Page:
Opportunity zones could lead to greater hotel development

A closer study of the map of QOZs reveals that in many states and key markets there are QOZs that present strong possibilities for hotel development, such as New York City. Photo credit: Pixabay/igormattio

Expectations are high this year for opportunity zones in the real estate industry. A product of the Tax Cuts and Jobs Act, investments and development in qualified opportunity zones are expected to be one of the biggest trends to affect real estate in 2019. Qualified opportunity funds represent an opportunity for investors in those areas that have been designated as QOZs.

More than 8,700 U.S. Census tracts have been designated as QOZs across all 50 states, Washington, D.C., and some U.S. territories. Given that the QOZs are generally low-income or distressed areas, hotel investors might not see the immediate potential of realizing the tax benefits of investing in a QOF. However, a closer study of the map of QOZs reveals that in many states and key markets there are QOZs that present strong possibilities for hotel development, such as New York City, Hollywood, the entirety of Puerto Rico and some mountain communities of Colorado.

Related Story: Opportunity zones: complex rules, major benefits

A real estate investor, hotel developer or other opportunity zone investor can realize tax benefits in two ways. First, a taxpayer may defer paying tax on capital gains to the extent that corresponding amounts are reinvested in a QOF within a specific time frame. Those capital gains are deferred until the earlier of the date the QOF is sold or Dec. 31, 2026. Additionally, if the QOF investment is held for longer than five years at the time, there is a 10 percent exclusion of the deferred gain. If held more than seven years, it becomes 15 percent.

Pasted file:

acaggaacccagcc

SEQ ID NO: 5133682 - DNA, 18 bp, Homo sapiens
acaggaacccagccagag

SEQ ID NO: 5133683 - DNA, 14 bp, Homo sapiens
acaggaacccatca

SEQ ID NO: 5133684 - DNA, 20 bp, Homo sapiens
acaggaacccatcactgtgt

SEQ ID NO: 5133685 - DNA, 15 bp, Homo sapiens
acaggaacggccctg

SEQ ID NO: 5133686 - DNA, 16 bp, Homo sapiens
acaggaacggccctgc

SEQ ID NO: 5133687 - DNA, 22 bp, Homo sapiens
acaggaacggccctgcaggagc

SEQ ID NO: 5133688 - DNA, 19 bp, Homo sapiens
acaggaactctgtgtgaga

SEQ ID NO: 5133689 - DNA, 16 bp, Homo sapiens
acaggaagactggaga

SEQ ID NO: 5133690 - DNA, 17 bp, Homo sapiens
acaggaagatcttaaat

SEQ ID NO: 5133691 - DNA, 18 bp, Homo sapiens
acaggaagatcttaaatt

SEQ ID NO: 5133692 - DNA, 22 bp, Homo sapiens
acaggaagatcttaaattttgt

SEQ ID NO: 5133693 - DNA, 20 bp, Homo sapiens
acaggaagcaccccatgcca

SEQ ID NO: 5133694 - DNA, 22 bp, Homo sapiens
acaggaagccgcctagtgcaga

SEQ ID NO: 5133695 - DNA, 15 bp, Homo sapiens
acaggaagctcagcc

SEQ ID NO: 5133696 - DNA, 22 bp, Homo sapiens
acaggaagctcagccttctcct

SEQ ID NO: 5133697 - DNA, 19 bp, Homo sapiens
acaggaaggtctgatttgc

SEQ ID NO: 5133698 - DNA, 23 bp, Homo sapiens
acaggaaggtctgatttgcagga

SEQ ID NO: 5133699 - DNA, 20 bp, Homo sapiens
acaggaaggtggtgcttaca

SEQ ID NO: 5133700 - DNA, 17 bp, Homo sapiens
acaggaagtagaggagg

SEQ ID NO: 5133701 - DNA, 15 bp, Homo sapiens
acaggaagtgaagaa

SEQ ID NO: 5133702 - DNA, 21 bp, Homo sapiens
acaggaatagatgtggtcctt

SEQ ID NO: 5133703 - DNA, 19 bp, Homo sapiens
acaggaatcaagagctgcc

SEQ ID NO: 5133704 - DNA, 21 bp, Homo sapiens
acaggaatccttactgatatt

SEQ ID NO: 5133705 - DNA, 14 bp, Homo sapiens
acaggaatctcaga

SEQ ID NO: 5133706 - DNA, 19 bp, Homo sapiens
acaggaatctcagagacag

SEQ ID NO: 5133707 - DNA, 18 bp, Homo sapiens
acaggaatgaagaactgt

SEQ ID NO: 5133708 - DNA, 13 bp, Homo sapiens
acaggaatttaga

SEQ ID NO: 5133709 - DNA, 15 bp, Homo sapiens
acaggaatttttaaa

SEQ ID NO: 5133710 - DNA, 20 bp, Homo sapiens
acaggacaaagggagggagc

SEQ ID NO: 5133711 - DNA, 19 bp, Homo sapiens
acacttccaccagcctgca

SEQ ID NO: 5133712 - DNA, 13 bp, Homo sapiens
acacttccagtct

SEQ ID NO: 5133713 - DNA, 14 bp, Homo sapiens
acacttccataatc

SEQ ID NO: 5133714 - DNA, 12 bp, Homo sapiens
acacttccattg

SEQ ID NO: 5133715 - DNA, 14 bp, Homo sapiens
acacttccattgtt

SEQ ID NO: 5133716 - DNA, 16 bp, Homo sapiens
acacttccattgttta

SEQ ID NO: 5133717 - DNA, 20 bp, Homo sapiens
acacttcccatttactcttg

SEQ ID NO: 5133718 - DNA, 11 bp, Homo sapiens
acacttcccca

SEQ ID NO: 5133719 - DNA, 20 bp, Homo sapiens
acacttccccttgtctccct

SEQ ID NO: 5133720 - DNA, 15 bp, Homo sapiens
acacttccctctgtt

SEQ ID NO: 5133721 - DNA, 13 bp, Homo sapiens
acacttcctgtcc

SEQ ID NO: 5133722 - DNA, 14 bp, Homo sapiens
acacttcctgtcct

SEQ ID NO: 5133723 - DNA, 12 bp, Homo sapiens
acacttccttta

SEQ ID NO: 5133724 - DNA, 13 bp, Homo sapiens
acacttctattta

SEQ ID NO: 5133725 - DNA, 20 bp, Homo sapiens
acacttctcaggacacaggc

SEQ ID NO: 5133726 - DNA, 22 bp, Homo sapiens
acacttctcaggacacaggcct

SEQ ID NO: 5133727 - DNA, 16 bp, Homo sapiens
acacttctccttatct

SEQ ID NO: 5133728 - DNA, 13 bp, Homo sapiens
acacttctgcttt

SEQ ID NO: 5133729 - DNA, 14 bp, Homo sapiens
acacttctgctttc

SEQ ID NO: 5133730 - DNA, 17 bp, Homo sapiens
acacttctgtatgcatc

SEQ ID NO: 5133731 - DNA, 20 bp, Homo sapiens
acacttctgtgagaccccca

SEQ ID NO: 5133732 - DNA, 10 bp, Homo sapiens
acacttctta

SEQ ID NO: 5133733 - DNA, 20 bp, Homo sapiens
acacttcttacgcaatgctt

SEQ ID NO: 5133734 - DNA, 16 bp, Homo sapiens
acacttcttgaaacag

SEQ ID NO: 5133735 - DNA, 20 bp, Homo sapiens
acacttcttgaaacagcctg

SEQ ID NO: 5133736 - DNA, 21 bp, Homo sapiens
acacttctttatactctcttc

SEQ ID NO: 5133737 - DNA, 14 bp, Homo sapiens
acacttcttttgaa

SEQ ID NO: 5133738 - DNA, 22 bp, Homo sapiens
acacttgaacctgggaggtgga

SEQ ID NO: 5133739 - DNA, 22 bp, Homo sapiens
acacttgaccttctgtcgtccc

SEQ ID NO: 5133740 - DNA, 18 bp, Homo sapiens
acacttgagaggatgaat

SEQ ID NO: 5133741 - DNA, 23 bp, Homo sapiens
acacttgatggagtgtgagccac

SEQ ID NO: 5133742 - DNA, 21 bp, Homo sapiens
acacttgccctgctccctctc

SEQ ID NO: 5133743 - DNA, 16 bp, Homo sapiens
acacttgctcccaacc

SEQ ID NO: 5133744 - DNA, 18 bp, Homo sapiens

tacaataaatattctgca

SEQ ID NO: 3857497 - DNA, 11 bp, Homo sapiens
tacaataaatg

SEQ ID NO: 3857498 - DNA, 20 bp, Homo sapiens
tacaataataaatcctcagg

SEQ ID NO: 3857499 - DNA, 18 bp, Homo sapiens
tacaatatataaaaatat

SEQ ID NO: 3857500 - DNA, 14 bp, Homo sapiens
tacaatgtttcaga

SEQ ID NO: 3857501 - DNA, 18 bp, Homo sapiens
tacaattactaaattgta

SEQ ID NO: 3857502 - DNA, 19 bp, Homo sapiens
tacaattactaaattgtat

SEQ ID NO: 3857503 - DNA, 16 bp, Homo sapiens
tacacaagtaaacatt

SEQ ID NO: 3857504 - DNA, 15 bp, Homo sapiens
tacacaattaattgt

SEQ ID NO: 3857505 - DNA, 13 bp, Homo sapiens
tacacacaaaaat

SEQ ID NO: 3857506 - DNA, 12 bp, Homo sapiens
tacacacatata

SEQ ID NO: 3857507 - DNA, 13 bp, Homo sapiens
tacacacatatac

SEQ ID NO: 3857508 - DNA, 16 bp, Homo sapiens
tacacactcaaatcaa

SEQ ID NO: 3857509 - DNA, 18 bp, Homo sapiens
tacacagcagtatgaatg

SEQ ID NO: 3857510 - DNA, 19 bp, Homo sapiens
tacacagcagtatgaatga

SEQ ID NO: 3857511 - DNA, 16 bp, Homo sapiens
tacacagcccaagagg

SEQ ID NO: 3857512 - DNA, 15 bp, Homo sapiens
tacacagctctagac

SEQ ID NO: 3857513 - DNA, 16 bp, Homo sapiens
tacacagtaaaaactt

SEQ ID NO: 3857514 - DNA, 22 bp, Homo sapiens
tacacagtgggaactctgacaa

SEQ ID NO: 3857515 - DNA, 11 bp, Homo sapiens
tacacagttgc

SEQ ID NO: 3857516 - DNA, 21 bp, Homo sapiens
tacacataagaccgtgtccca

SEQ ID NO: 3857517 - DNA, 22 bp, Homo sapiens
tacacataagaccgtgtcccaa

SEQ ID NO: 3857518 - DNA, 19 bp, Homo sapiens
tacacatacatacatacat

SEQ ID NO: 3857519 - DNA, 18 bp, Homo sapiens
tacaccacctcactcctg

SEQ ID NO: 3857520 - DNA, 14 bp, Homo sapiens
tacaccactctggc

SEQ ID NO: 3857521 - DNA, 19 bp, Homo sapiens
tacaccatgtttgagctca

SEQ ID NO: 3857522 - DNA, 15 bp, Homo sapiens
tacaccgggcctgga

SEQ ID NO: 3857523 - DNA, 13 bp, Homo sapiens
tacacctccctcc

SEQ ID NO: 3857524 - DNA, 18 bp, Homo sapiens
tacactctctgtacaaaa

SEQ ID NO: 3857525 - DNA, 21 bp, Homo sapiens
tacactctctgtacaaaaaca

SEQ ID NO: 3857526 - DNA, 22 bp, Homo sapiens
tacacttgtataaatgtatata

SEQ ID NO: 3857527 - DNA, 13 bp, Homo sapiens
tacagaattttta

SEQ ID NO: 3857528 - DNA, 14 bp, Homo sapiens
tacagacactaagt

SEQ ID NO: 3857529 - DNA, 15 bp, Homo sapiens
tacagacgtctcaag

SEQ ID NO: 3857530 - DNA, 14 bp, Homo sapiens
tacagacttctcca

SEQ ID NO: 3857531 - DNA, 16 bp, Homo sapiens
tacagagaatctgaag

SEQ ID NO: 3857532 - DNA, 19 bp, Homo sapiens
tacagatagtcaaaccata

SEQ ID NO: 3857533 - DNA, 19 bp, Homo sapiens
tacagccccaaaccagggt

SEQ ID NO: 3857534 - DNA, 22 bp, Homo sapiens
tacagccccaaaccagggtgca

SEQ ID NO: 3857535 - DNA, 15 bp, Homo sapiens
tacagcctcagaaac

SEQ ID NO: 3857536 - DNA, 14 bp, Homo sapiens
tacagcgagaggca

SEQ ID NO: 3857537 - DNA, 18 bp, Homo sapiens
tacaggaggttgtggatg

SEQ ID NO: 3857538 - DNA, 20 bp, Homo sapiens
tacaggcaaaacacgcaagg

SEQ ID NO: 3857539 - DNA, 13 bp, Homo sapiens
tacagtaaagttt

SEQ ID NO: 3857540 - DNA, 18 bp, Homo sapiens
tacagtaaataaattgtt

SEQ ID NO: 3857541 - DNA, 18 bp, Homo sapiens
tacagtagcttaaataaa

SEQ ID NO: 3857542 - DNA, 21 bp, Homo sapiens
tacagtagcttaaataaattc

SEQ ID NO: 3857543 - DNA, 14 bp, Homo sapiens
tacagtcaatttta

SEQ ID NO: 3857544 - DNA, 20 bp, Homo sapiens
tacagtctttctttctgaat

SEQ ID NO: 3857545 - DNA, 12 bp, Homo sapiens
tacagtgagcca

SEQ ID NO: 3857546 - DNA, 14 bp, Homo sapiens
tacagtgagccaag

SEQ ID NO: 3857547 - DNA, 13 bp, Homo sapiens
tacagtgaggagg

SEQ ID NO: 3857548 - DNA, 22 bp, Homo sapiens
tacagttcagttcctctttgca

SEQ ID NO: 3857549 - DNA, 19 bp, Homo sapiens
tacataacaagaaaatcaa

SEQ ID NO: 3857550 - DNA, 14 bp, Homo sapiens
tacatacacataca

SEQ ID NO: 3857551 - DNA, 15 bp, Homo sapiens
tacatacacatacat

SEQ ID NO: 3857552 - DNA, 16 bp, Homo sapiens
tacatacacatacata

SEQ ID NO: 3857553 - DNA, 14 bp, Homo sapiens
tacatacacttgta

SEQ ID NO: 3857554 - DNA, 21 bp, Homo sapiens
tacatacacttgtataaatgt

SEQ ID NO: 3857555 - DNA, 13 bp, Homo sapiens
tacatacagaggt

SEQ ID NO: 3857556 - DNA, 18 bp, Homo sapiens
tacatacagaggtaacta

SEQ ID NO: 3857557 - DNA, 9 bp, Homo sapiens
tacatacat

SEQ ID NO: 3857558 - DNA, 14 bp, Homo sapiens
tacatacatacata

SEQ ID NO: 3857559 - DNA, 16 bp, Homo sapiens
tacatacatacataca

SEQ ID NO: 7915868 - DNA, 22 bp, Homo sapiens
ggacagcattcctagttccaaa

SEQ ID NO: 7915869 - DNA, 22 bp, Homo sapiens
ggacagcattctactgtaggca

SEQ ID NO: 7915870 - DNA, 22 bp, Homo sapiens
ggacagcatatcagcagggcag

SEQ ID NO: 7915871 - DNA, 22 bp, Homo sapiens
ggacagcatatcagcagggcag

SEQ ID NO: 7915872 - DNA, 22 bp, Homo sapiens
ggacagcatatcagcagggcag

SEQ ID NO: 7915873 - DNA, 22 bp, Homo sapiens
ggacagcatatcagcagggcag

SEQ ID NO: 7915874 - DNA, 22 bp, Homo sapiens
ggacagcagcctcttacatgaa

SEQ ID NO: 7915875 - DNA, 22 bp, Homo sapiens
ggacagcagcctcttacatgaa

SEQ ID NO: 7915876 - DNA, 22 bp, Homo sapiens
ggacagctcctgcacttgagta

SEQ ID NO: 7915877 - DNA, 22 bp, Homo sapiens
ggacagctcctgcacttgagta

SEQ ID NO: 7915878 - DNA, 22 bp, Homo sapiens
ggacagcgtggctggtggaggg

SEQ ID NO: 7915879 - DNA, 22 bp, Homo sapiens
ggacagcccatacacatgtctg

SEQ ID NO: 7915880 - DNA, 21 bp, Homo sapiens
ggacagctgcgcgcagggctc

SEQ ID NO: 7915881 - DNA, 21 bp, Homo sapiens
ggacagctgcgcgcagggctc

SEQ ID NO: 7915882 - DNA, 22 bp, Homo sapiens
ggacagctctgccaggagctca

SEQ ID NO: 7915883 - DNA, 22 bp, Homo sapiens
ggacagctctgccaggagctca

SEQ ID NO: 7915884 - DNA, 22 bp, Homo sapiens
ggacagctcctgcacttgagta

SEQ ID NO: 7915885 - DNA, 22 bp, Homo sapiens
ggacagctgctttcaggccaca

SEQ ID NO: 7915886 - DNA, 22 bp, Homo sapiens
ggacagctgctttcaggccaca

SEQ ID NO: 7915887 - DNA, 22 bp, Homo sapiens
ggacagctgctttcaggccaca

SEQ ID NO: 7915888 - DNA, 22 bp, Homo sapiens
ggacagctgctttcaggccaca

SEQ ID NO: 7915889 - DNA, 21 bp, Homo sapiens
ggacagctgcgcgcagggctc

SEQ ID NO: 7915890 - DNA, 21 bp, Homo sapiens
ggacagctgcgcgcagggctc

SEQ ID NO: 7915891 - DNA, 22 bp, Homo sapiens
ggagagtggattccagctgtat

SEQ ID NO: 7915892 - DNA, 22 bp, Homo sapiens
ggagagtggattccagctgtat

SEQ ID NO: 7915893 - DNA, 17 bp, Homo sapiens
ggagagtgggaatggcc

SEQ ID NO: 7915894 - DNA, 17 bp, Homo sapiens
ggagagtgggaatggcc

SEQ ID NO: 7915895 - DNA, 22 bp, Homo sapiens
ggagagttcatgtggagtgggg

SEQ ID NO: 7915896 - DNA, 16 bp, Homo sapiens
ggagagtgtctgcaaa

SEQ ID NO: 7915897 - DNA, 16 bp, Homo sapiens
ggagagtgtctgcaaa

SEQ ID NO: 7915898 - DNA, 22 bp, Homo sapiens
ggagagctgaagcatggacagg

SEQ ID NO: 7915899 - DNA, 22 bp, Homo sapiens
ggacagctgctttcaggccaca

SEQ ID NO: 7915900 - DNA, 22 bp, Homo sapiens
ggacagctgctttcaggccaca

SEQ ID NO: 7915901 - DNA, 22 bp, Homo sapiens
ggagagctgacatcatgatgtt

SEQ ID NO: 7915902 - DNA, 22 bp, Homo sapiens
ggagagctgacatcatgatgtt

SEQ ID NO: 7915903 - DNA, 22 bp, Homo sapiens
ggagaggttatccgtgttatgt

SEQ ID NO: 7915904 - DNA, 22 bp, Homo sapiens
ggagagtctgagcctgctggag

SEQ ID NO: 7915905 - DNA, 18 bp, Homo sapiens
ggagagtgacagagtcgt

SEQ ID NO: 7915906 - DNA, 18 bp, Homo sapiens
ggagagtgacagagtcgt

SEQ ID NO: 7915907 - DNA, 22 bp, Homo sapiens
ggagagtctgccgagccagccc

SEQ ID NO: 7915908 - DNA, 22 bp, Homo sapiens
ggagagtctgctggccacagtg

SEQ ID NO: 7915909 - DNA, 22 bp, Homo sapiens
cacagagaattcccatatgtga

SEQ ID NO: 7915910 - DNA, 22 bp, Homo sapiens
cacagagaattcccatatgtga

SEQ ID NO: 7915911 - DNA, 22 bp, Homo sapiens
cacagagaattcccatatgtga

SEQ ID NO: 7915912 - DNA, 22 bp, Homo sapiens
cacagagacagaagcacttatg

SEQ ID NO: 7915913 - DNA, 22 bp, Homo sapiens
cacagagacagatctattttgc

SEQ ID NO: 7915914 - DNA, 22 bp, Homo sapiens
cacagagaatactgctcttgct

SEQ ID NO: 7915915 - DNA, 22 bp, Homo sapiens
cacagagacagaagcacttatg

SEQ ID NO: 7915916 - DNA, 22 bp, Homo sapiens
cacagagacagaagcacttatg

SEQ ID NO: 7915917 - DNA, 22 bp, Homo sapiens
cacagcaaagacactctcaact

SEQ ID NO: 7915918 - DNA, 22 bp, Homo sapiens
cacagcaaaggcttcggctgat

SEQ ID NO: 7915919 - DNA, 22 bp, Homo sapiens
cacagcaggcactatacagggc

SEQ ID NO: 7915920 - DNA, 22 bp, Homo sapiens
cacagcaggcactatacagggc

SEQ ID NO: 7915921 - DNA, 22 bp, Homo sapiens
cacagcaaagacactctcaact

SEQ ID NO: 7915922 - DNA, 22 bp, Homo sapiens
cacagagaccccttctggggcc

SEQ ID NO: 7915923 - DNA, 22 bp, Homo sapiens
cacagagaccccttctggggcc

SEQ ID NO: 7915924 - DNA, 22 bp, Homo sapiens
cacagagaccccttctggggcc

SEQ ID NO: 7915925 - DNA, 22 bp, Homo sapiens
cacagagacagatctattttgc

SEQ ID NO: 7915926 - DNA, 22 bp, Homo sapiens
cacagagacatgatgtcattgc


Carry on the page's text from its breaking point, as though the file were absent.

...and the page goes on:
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While the deferral of current capital gains is attractive, it is the second significant tax benefit available to investors in a QOF that seems to be driving the most interest in QOF investment. If the investor holds the investment in the QOF for at least 10 years, the investor is eligible for an increase in the basis of the QOF investment to its fair market value on the date the QOF investment is sold or exchanged, which results in a permanent exclusion of all post-investment appreciation.

While developing in a QOZ will not turn a bad hotel deal into a good deal, it can generate a larger pool of interested investors, particularly because the capital gains that can be invested can be generated from any source, not just capital gains resulting from the sale of real estate.

Nicole R. Ament is shareholder and Hospitality, Resort and Recreation Group chair at Brownstein Hyatt Farber Schreck.

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